Q’s AFRICA week: 3. The Tragedy of District 6
We wanted to give the children a sense of what has happened in South Africa. And so after failing to get to Robben Island (because it was booked up until after the New Year), we plumped for the District 6 Museum. And I’m really glad we went there. It had a profound affect on all of us.
Visit the official District 6 Museum website here. But it’s an extraordinary place so, of course, a virtual visit doesn’t convey the power of this building: a converted church in the heart of what was an incredibly rich, vibrant, and above all multi-racial community right in the heart of Cape Town. Consequently, District 6 was anathema to the apartheid ethos of separation, and therefore had to go. Under the infamous 1950 Group Areas Act, the place was razed, cleared and recreated as a whites only area, the job being only completed as recently as 1984. I can remember 1984 well – it’s not that long ago.
This museum is a testimony and a memorial to those who suffered under such irrational and cruel injustice. It is heartbreaking to look up close at the huge floor map of the district, now on the main museum floor. And all over it, former residents have written in by hand where they used to live, where they had their hair cut, where they went to church etc etc (see below).
Particularly powerful is this poem, presented as one of the first things you see on entry. I’ve transcribed it here:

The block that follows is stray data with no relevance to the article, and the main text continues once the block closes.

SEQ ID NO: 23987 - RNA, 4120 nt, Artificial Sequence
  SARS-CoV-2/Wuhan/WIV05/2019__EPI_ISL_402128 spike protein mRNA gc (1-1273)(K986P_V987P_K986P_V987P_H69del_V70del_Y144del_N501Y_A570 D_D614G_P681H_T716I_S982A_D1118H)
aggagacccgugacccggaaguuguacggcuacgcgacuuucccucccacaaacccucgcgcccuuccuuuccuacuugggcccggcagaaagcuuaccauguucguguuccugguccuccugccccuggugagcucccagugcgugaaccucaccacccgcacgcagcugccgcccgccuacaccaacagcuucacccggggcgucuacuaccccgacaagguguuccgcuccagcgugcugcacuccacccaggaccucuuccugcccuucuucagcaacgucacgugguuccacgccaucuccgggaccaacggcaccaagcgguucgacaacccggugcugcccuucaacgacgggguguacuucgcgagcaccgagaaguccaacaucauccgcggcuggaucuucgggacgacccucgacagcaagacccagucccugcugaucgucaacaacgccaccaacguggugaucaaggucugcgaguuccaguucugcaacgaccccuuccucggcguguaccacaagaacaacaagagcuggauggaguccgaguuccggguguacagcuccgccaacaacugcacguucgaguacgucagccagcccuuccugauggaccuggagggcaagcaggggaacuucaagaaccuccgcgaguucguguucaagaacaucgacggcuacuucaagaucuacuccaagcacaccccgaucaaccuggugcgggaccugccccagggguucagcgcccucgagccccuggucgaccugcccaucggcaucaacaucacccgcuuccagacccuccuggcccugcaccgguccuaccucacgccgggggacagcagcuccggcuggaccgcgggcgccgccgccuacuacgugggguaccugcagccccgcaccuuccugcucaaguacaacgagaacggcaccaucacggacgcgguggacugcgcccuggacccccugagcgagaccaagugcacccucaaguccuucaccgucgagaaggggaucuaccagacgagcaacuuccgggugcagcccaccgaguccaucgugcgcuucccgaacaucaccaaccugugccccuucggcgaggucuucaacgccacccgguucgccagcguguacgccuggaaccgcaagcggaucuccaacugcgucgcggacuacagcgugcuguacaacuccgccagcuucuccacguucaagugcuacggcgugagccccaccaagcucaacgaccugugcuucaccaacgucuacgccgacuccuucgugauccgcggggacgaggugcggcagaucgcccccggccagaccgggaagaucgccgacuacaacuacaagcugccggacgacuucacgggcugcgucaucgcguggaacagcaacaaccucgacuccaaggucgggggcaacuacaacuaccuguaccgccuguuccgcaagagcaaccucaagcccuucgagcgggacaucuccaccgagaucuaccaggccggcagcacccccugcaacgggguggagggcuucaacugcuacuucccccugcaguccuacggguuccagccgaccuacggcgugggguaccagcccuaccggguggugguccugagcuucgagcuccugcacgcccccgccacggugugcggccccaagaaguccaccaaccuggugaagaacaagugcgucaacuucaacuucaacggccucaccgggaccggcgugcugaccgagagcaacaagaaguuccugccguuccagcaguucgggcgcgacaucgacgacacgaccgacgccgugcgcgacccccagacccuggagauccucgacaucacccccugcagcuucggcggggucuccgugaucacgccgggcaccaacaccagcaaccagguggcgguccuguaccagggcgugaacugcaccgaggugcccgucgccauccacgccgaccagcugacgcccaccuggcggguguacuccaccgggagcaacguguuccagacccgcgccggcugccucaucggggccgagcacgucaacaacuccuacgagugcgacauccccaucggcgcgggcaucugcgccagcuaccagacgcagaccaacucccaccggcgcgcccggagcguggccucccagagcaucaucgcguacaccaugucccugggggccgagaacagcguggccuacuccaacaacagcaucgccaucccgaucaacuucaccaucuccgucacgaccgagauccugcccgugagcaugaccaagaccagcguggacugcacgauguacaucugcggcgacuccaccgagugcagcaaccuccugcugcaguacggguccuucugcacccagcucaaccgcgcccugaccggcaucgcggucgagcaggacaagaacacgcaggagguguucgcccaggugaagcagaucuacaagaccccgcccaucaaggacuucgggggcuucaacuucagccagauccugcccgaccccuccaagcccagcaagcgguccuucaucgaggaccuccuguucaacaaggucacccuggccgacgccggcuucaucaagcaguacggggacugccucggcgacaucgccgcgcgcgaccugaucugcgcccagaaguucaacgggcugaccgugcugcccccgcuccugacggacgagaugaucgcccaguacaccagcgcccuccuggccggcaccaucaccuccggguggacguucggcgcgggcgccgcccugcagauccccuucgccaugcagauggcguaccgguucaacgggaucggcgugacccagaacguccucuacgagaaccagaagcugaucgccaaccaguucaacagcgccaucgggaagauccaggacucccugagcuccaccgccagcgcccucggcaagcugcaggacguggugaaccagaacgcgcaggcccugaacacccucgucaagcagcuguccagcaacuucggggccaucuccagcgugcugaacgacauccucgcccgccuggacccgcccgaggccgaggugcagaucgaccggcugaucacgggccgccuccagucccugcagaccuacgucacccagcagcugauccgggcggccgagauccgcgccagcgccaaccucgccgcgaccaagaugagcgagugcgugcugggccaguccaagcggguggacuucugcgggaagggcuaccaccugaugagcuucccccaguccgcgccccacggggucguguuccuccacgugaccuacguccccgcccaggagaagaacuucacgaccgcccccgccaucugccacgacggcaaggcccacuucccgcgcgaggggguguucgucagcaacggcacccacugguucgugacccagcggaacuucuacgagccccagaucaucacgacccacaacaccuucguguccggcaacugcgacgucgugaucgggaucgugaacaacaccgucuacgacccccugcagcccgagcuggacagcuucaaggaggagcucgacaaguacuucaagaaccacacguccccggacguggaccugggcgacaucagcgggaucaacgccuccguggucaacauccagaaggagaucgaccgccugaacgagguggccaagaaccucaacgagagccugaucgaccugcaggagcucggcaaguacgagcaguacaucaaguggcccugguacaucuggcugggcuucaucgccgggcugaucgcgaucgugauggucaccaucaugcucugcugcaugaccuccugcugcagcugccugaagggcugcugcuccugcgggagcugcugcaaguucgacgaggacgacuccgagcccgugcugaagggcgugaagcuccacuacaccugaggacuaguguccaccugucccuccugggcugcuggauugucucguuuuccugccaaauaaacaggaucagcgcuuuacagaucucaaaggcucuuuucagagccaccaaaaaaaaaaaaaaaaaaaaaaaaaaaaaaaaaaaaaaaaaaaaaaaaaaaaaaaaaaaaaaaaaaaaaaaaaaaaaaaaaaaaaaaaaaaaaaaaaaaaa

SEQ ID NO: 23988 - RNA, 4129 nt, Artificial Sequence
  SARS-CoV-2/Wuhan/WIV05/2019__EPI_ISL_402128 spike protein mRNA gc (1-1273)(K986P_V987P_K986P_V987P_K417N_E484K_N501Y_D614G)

South End, East Bank
Sophiatown, Makuleke, Cato Manor.
Remember District Six.
Remember the racism
which took away our homes
and our livelihood
and which sought
to steal away our humanity.
Remember also our will to live,
to hold fast to that
which marks us as human beings:
our generosity, our love of justice
and our care for each other.
Remember Tramway Road,
In remembering we do not want
to recreate District Six
but to work with its memory:
of hurts inflicted and received
of loss, achievements and of shames.
We wish to remember
so that we can all ,
together and by ourselves,
rebuild a city
which belongs to all of us,
in which all of us can live,
not as races but as people.
The lurking question after seeing this is how would we have felt if it had happened to us. I asked one of the children, and he saw the point – “I would have wanted to kill the people who did this”. But this is one of the enduring miracles of South Africa despite all its profound problems and challenges. It did not become a bloodbath of retribution – instead there was magnanimity, as evoked up by the second verse of this poem. As powerful reflection of gospel forgiveness as any from recent history…
But of course, this sort of thing is not ancient history. It is not even recent history. It is in fact CURRENT AFFAIRS. Look at this image from Zimbabwe and a town called Murambatsvina, near Harare: